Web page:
1. ^ "FDA Warns Companies for Illegally Selling Food and Beverage Products that Contain CBD". US Food and Drug Administration. 21 November 2022. Archived from the original on November 23, 2022. Retrieved 23 November 2022. These companies are selling CBD containing products that people may confuse for traditional foods or beverages which may result in unintentional consumption or overconsumption of CBD. CBD-containing products in forms that are appealing to children, such as gummies, hard candies and cookies, are especially concerning.
  2. ^ "WARNING LETTER [to 11-11-11 Brands]". U.S. Food and Drug Administration. 2022-11-16. Archived from the original on 2022-12-02.
  3. ^ "Review: Mood33 CBD Herbal Teas". BevNET. Archived from the original on 2020-11-29.
  4. ^ "FDA Regulation of Cannabis and Cannabis-Derived Products, Including Cannabidiol (CBD)". U.S. Food and Drug Administration. 2022-11-16. Archived from the original on 2022-11-16.
  5. ^ "[archived] FDA Regulation of Cannabis and Cannabis-Derived Products, Including Cannabidiol (CBD)". 2023-01-28.
  6. ^ "Safety of CBD in Humans – A Literature (As of December 12, 2019)". 2019-12-12. Archived from the original on 2023-01-28.

Here is the history of edits in chronological order:

Edit History
date user description
26 November 2023 →‎Side effects: Expanded citations and quotes regarding the FDA's safety information and warning letters.
26 November 2023
Bon courage Restored revision 1186873379 by WikiLinuz (talk): Undue detail and bevnet.com is unreliable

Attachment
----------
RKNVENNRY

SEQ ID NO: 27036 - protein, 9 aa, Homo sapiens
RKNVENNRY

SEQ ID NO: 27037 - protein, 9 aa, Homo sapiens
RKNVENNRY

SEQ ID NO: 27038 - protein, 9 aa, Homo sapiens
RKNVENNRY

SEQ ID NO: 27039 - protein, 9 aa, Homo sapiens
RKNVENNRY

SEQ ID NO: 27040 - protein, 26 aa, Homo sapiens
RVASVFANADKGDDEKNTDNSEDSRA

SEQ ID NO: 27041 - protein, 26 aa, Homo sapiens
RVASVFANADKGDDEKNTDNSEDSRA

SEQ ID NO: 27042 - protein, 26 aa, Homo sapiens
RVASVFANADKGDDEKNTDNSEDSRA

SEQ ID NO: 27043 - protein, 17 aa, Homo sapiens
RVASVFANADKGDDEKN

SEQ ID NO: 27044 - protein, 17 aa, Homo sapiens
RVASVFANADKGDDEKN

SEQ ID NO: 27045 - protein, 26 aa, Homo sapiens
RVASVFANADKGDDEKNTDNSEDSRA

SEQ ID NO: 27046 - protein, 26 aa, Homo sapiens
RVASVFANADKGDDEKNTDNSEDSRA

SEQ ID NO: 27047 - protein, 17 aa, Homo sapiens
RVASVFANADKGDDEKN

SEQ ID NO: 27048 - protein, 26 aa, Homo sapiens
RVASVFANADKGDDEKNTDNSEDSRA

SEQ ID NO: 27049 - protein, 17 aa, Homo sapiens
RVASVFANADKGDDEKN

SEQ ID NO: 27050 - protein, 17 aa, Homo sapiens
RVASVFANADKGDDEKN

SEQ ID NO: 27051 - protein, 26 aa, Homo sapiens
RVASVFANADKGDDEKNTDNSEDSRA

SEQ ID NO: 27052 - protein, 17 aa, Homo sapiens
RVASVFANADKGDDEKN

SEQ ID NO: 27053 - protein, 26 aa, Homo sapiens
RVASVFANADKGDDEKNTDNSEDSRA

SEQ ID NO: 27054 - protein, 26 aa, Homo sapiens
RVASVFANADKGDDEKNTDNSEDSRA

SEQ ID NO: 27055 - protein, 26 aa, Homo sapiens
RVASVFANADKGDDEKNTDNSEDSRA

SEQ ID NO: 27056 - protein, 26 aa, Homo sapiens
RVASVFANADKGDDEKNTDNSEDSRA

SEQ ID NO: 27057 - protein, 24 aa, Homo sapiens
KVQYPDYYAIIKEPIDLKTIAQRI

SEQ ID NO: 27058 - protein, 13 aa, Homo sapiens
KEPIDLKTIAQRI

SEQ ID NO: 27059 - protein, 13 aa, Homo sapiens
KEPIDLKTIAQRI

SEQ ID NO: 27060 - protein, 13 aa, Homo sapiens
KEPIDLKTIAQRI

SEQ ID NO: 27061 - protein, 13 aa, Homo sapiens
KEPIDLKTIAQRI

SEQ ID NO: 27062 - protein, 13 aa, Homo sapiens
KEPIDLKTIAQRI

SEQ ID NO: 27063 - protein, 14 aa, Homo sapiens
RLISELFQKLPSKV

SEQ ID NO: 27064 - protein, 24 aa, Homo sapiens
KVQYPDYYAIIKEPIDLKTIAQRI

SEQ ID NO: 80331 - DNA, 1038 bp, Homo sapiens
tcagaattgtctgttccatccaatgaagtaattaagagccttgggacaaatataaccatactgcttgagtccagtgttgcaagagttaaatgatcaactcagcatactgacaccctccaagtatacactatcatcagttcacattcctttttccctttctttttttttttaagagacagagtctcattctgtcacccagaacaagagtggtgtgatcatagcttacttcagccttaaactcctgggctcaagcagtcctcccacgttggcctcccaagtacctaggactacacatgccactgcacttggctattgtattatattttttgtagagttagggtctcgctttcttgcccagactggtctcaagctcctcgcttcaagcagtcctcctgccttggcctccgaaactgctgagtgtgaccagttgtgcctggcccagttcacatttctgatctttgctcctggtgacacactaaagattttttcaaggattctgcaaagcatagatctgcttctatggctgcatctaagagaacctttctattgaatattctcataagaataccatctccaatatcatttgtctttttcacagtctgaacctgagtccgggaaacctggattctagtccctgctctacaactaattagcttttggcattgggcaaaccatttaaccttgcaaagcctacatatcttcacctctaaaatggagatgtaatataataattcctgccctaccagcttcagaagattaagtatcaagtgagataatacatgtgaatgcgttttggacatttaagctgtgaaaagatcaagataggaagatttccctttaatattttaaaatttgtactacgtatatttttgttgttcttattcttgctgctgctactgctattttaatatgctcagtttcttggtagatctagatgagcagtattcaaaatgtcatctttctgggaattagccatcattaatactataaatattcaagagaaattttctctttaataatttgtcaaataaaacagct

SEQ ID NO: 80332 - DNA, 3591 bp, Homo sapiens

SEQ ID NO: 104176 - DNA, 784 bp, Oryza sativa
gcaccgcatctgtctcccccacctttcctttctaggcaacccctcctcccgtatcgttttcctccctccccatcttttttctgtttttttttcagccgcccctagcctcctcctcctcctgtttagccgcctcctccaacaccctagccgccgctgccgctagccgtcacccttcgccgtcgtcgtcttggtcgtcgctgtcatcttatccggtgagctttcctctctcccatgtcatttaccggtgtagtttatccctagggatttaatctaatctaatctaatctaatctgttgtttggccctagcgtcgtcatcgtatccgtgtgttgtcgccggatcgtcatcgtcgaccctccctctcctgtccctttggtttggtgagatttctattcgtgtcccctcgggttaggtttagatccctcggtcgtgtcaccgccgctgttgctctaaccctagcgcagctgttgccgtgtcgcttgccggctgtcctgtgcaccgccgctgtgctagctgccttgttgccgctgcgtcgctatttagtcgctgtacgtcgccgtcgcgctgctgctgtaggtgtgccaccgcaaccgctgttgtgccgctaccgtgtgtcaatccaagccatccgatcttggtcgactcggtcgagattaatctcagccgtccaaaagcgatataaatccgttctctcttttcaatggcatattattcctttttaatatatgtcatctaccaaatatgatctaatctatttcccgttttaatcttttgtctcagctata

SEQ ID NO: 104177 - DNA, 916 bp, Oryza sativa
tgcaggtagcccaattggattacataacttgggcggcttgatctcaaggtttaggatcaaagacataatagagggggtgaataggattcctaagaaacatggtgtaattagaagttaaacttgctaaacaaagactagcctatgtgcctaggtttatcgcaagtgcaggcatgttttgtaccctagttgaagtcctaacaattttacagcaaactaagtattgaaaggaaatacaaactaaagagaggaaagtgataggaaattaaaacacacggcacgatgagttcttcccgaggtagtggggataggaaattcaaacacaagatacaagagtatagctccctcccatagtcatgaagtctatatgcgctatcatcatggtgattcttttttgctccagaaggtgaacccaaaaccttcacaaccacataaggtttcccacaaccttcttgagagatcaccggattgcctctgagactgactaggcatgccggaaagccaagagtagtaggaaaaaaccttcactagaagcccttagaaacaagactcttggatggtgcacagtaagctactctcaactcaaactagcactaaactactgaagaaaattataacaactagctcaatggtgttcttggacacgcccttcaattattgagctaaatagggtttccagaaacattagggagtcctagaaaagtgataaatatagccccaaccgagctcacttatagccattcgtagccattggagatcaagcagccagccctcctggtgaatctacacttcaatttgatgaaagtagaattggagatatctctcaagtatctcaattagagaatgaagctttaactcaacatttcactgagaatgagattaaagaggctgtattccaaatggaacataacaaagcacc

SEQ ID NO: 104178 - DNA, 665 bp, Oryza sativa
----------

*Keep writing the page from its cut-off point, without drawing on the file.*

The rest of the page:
26 November 2023 Undid revision 1186920713 by Bon courage (talk) It is not an unreliable source, and all of the information is germane to the section and topic within the section. It is highly useful contextual information.
26 November 2023
Bon courage Restored revision 1186920713 by Bon courage (talk): As before

The dispute introduced by @Bon courage is characterized by the following statements:

  • (A) The disputed material has undue detail.
  • (B) The disputed material uses the unreliable source "bevnet.com".

Here I address each of those statements:


(A) Undue Detail[edit]

  • What exactly is undue? Surely not everything.

    If there is unnecessary detail, then perhaps that particular detail should be removed, or summarized better, or integrated more concisely in other parts of the text.

    User ("Author"), too, is a reader and editor of Wikipedia, and the very fact that Author wrote the text in question is proof that at least one reader finds this information valuable, and wishes that such information had been available from the very beginning—that is to say, at least one editor cared enough to have gone to the considerable effort to construct the text in question, along with its citations.

    So, why should the opinion of Bon courage override the opinion of Author, especially when Author wants to supply information and Bon courage wants to hide information.

  • The disputed content is useful, because it expresses the context in which the FDA statement was made; it answers questions like the following:

    • Why did the FDA make such a statement?